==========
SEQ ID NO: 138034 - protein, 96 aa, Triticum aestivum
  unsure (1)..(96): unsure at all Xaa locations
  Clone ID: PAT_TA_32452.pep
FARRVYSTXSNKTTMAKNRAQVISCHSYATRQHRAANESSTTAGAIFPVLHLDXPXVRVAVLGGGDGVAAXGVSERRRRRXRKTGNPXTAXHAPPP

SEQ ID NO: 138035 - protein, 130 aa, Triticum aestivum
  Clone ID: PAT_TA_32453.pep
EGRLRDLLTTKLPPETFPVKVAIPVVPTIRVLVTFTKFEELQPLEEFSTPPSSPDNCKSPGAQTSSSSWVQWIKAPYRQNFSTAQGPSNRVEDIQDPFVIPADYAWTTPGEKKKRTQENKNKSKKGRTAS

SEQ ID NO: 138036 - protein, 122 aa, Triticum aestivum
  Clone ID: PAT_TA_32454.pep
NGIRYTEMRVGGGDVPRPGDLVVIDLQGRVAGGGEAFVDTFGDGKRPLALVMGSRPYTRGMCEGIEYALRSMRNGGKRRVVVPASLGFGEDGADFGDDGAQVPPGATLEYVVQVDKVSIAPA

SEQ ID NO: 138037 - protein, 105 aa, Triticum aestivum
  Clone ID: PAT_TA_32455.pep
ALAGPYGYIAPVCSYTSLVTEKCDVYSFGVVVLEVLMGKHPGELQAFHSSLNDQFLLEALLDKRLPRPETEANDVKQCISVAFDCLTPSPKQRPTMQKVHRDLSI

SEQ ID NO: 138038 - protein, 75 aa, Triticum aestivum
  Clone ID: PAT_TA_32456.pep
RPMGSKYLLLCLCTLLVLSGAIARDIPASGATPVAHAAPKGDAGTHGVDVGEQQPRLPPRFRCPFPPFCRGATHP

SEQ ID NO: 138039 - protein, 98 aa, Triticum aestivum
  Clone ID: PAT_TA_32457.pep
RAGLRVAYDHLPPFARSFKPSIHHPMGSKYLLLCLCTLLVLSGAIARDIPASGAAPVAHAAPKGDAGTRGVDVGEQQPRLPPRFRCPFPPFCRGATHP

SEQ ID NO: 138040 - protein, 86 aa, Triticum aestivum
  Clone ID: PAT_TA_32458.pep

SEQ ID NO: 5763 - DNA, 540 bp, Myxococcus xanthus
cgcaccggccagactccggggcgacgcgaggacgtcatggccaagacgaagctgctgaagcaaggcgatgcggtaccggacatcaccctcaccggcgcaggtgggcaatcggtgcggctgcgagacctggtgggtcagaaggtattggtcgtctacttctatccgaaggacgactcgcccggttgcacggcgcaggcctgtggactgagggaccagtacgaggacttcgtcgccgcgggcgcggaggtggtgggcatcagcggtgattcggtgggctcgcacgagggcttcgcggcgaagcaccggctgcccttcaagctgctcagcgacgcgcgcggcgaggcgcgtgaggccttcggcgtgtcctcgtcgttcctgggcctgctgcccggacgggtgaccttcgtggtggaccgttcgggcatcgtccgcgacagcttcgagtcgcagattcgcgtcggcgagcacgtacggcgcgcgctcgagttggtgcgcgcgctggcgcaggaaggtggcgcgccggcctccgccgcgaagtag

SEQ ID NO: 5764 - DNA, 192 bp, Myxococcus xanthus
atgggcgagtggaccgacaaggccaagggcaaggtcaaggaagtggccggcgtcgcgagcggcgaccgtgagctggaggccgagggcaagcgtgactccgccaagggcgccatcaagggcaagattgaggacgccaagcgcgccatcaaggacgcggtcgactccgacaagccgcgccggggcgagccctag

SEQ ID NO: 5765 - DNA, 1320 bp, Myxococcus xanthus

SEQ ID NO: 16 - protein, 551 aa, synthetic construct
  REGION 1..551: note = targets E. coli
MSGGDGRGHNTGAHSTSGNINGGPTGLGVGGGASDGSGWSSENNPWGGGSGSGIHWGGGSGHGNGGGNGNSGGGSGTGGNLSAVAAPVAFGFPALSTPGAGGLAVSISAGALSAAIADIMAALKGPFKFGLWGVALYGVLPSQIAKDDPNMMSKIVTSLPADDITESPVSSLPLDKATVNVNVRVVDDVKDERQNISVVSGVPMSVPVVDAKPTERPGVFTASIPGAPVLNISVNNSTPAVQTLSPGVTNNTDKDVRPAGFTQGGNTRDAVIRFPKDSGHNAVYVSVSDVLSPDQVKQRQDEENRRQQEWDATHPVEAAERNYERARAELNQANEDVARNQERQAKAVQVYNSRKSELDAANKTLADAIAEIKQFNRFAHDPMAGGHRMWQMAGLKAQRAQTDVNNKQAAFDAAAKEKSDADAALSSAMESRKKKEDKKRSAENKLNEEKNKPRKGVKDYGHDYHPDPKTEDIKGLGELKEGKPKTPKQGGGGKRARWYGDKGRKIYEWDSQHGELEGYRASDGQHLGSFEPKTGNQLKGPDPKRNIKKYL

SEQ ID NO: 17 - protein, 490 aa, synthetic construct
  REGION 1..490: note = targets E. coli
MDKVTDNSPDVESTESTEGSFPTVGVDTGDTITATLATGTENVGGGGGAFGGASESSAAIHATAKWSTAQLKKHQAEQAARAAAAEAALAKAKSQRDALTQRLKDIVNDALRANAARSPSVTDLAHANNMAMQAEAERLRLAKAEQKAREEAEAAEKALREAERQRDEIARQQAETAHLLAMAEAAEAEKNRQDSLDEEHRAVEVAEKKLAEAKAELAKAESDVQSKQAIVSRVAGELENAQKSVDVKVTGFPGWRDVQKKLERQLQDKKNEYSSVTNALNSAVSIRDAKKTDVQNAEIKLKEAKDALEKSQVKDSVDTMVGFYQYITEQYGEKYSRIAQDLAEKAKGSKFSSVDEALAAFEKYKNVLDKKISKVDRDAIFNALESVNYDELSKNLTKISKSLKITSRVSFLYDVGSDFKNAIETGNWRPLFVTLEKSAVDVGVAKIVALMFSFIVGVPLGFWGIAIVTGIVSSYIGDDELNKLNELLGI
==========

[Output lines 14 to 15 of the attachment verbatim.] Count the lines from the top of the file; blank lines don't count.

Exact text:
SEQ ID NO: 138038 - protein, 75 aa, Triticum aestivum
  Clone ID: PAT_TA_32456.pep